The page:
Biological and Proteomic Characterization of Cornus officinalis on Human 1.1B4 Pancreatic β Cells: Exploring Use for T1D Interventional Application
Doctor of Philosophy (Ph.D.)
Degree Granting Department
Biology (Cell Biology, Microbiology, Molecular Biology)
Brant Burkhardt, Ph.D., M.Sc
Cecilia Nunes, Ph.D.
Sandy Westerheide, Ph.D.
Margaret Park, Ph.D.
Autophagy, IGFBP2, NFAT, TCM
Type 1 diabetes (T1D) is an autoimmune disease resulting in the loss of pancreatic β cells and subsequent loss of insulin production. Exogenous insulin coupled with continuous glucose monitoring is the only treatment for T1D. Therefore, novel interventional therapies are needed that can inhibit the autoimmune destruction and increase β cell proliferation and function. Based on initial in vitro studies, traditional Chinese medicine (TCM) extract, Cornus officinalis, may be able to serve in this function. CO has been used for 2 millennia for its glucose regulating potential and has shown efficacy in animal models but rarely studied in the context of T1D. Ethnopharmacology can simultaneously target multiple mechanisms using a single herb due to numerous bioactive ingredients, an advantage compared to conventional medicine. It is hypothesized that CO treatment may provide a β cell restorative and protective therapy for T1D by inhibiting the immune response and enhancing existing β cells. We analyzed our CO via HPLC/MS and discovered over 300 compounds including known bioactive ingredients, loganin, morroniside, ellagic acid and cornuside. Our preliminary evidence demonstrated a dose- and time- dependent increase in β cell proliferation and protection from cytokine-induced death upon CO treatment. CO also induced proliferation and formed pseudoislets during a long-term treatment of 1.1B4 cells. We evaluated the metabolic effect of CO via the Agilent Seahorse XF Analyzer and at 2h displayed an increase in maximal respiratory capacity. However, the molecular mechanism in which CO is inducing this phenotype has yet to be elucidated. Therefore, we employed transcriptomics by RNA-seq and discovered a 2-fold increase in calcium-dependent transcription factor, NFATc. NFAT is a transcription factor for β cell proliferation, function and insulin secretion. From this, we utilized a global and phosphoproteome mass spectrometry (MS) approach. Our results from the global analysis showed a 7-20-fold increase in β cell functional regulator, IGFBP2. IGFBP2 has shown T2D protective effects and regulation of glucose metabolism. Ingenuity pathway analysis (IPA) predicted an increase in Nrf2-mediated oxidative stress pathway at 12 and 24h. Furthermore, Nrf2 is indirectly regulated by P62, which was significantly hyperphosphorylated from our MS phosphoproteome results. Nrf2 transcriptionally regulates antioxidant enzymes upon oxidative stress caused by proinflammatory cytokines in T1D while P62 binds to LC3 to create the autophagasome for degradation of toxic material via autophagy. Autophagy promotes β cell survival that would otherwise lead to cell death. Altogether, CO induces β cell proliferation, function and immune protection. Future studies will examine the in vivo effect of CO.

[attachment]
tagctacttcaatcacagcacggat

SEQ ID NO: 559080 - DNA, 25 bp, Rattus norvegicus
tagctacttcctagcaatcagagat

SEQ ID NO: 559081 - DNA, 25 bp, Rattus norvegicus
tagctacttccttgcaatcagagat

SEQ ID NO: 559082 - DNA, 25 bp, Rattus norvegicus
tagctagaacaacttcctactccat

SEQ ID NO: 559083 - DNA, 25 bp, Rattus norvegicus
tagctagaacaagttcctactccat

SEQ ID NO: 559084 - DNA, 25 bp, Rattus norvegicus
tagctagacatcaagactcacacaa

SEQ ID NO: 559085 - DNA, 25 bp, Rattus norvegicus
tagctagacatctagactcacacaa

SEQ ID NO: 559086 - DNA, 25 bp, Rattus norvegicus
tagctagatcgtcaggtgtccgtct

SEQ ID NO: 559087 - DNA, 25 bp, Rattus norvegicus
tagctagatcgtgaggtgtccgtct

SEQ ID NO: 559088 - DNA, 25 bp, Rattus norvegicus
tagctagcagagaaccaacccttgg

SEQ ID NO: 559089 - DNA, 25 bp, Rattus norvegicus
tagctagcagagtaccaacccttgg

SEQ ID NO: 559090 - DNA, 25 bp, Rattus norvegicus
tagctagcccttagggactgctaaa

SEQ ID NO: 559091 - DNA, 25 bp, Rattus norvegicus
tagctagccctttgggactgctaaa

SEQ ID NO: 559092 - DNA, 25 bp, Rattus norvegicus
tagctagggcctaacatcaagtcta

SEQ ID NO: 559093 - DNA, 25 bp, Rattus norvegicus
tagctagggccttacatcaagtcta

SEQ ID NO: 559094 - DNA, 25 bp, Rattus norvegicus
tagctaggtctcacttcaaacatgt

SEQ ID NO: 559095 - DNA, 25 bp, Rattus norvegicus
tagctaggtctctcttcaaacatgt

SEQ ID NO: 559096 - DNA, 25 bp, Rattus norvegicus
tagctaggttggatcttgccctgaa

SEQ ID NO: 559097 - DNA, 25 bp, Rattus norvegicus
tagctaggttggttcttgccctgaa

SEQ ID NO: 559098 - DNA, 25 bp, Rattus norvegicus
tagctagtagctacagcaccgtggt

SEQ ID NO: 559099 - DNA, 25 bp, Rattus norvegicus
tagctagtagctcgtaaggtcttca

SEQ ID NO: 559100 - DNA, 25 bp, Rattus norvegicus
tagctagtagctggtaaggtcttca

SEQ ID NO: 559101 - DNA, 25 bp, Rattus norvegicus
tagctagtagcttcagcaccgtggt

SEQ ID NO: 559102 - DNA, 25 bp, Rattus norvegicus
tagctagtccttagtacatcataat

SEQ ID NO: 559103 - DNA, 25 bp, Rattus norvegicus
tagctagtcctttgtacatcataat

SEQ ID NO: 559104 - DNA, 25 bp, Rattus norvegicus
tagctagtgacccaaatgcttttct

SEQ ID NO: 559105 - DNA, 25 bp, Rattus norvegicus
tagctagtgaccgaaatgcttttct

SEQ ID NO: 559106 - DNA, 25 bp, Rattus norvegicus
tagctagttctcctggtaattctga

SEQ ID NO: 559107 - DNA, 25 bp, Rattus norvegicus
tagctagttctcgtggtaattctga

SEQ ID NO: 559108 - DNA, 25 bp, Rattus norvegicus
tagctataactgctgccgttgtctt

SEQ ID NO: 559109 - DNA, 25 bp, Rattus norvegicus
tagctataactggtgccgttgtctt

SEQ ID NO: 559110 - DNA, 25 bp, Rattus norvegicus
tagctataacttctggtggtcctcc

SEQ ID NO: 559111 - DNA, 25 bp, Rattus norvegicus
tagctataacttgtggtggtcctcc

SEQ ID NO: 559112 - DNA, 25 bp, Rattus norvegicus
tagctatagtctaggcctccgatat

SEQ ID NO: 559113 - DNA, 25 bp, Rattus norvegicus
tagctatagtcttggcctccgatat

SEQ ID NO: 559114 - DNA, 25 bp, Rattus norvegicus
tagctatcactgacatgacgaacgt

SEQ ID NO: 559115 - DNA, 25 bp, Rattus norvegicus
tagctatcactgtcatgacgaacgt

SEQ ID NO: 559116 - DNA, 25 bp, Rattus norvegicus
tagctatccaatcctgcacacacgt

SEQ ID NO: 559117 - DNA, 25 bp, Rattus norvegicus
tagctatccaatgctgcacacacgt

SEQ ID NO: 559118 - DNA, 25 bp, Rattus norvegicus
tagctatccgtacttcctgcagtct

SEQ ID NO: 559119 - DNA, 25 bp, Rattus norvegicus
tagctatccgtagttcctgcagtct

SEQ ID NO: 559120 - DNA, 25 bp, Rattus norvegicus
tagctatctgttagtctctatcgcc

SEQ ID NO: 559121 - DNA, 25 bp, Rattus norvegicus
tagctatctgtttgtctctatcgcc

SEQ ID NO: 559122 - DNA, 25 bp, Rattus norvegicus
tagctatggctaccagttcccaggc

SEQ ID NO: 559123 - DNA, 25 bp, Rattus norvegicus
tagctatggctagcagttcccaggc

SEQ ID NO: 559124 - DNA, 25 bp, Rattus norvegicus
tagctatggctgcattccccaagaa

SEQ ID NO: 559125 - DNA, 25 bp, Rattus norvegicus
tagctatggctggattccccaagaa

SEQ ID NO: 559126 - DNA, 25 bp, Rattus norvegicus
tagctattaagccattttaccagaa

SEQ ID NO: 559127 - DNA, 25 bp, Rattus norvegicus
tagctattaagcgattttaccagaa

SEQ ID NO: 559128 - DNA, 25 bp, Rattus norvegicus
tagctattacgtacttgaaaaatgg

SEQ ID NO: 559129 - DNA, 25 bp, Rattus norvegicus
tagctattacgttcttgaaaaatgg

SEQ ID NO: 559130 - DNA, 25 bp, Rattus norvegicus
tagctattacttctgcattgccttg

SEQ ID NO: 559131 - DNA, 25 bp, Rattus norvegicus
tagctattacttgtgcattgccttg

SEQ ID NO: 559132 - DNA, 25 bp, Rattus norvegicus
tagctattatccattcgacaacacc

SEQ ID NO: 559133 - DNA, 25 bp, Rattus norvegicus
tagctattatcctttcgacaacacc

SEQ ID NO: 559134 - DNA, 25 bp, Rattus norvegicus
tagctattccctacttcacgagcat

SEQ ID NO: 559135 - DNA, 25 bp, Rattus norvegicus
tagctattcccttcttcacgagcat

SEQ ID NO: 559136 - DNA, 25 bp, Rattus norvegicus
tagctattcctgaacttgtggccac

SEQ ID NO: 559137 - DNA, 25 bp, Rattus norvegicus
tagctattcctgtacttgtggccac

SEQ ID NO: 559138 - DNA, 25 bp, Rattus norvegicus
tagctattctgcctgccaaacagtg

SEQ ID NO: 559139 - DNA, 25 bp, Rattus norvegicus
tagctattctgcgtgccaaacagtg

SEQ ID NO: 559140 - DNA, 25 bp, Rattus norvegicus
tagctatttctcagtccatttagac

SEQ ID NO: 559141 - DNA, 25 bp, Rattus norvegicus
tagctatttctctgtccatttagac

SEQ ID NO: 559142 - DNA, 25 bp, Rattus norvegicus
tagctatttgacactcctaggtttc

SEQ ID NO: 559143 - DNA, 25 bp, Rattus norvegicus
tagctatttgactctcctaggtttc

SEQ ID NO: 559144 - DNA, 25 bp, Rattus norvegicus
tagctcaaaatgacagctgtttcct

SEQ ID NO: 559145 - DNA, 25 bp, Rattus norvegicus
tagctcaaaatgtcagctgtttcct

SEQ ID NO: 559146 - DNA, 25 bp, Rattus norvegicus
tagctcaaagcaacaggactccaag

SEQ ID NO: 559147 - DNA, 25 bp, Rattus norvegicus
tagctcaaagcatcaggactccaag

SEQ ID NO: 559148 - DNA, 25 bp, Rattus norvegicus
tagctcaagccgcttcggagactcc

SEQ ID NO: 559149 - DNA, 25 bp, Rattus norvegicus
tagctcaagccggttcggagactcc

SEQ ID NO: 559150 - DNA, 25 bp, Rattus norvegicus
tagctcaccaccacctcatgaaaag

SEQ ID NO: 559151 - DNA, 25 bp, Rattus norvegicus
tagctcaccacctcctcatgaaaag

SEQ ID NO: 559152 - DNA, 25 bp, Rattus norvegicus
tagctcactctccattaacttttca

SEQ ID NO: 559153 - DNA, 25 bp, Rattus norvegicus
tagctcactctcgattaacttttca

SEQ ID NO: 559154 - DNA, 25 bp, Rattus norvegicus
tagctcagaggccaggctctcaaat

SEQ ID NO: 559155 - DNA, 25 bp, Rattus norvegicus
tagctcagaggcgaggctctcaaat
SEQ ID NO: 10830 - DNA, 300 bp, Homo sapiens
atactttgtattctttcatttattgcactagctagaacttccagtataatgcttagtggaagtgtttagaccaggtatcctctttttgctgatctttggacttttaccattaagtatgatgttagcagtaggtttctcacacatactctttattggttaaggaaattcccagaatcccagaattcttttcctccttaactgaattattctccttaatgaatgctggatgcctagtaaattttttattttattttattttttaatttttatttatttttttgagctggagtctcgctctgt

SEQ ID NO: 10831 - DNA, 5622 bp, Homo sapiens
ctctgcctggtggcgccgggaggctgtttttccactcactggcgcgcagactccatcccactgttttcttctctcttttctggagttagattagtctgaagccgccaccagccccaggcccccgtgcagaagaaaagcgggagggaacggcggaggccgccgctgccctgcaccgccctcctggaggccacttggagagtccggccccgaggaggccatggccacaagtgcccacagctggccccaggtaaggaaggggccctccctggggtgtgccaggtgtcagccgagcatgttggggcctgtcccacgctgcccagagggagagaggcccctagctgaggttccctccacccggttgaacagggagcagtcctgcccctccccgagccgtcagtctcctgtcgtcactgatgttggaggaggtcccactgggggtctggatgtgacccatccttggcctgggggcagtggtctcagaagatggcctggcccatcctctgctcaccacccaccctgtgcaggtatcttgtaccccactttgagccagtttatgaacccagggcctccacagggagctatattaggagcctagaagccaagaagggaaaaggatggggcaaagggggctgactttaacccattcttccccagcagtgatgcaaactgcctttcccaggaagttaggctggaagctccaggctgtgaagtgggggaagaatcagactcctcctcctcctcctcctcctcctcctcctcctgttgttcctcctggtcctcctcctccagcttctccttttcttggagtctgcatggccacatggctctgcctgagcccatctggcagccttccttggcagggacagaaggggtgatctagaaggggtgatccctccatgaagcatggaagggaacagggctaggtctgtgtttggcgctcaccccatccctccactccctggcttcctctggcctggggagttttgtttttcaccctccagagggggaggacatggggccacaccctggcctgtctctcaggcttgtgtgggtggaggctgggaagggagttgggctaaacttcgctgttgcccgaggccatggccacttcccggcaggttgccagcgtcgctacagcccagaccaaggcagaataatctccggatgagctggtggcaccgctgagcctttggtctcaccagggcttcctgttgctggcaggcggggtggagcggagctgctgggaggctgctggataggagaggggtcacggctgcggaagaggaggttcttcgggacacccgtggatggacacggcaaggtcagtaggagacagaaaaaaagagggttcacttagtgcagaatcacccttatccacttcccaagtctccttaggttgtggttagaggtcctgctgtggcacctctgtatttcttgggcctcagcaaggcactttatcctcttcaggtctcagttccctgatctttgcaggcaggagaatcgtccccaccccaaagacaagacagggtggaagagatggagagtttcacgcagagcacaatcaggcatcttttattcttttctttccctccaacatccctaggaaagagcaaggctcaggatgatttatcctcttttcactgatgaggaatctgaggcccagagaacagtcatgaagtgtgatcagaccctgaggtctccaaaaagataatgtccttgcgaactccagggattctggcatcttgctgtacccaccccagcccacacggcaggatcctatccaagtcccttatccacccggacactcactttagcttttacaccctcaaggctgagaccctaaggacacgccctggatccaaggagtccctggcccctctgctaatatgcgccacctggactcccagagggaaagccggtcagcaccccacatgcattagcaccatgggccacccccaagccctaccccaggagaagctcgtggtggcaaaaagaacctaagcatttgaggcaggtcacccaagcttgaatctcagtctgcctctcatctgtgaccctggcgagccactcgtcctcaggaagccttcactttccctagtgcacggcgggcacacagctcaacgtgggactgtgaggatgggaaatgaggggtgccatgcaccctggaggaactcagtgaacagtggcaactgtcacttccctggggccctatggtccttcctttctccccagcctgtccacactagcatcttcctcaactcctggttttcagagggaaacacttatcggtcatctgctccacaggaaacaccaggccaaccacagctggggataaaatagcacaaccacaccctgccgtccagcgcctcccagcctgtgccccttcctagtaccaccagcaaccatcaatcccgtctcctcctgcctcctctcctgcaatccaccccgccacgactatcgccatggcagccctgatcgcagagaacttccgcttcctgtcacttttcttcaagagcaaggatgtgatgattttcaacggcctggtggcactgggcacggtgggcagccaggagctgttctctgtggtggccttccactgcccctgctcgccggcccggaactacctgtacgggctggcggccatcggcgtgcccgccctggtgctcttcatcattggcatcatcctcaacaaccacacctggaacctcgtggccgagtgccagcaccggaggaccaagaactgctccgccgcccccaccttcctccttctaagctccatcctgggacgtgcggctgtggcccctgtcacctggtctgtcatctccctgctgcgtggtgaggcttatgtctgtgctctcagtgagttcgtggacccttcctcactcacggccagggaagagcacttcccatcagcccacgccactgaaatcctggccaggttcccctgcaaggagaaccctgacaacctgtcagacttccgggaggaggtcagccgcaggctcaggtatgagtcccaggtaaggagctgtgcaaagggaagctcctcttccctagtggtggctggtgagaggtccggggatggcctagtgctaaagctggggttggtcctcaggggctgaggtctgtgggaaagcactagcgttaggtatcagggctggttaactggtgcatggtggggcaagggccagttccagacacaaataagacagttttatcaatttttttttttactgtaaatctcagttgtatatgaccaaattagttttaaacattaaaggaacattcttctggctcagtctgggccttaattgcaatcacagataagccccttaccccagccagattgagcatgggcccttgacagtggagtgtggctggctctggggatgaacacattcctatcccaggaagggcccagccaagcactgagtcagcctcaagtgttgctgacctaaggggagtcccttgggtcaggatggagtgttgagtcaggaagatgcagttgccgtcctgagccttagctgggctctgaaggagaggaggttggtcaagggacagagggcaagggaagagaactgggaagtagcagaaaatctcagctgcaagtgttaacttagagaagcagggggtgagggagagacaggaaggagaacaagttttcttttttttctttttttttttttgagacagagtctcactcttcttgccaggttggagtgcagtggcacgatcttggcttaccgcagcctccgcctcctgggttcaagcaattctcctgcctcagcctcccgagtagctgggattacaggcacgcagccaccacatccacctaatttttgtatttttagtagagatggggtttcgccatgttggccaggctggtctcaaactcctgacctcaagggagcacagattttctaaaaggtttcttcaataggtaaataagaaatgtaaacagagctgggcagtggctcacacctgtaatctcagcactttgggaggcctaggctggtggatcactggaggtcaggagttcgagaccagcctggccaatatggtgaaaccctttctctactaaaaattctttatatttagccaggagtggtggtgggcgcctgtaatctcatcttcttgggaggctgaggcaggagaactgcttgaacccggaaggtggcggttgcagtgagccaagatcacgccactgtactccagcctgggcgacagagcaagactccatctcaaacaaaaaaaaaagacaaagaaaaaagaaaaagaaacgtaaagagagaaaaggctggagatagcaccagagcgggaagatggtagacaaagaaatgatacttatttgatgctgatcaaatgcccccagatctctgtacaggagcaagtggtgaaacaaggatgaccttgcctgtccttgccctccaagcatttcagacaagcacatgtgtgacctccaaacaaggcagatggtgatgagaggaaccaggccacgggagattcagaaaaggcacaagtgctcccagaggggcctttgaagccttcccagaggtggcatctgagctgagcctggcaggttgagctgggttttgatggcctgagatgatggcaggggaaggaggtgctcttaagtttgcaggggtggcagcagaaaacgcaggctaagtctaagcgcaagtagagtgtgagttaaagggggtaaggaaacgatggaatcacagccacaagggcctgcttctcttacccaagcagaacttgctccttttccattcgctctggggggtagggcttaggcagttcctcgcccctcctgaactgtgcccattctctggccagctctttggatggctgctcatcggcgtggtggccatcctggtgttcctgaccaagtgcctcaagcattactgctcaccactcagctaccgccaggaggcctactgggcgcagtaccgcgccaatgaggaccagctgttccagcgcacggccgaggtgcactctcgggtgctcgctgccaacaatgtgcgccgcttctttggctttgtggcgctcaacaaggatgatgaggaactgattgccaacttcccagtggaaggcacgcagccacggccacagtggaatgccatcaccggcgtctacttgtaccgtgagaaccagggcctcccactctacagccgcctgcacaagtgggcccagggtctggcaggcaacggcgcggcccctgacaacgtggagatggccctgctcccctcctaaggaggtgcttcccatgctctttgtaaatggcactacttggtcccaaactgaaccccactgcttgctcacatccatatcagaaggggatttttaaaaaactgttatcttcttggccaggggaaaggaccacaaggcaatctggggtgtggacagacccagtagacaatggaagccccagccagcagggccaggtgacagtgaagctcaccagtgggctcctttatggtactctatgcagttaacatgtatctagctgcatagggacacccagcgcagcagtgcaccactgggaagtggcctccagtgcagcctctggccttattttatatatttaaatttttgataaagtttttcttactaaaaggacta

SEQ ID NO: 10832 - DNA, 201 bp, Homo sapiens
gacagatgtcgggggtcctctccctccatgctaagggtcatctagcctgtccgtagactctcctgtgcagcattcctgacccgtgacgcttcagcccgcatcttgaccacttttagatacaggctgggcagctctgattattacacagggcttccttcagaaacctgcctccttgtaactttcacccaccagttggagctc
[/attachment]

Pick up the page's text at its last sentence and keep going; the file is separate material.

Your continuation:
Scholar Commons Citation
Tawfik, Arielle E., "Biological and Proteomic Characterization of Cornus officinalis on Human 1.1B4 Pancreatic β Cells: Exploring Use for T1D Interventional Application" (2020). USF Tampa Graduate Theses and Dissertations.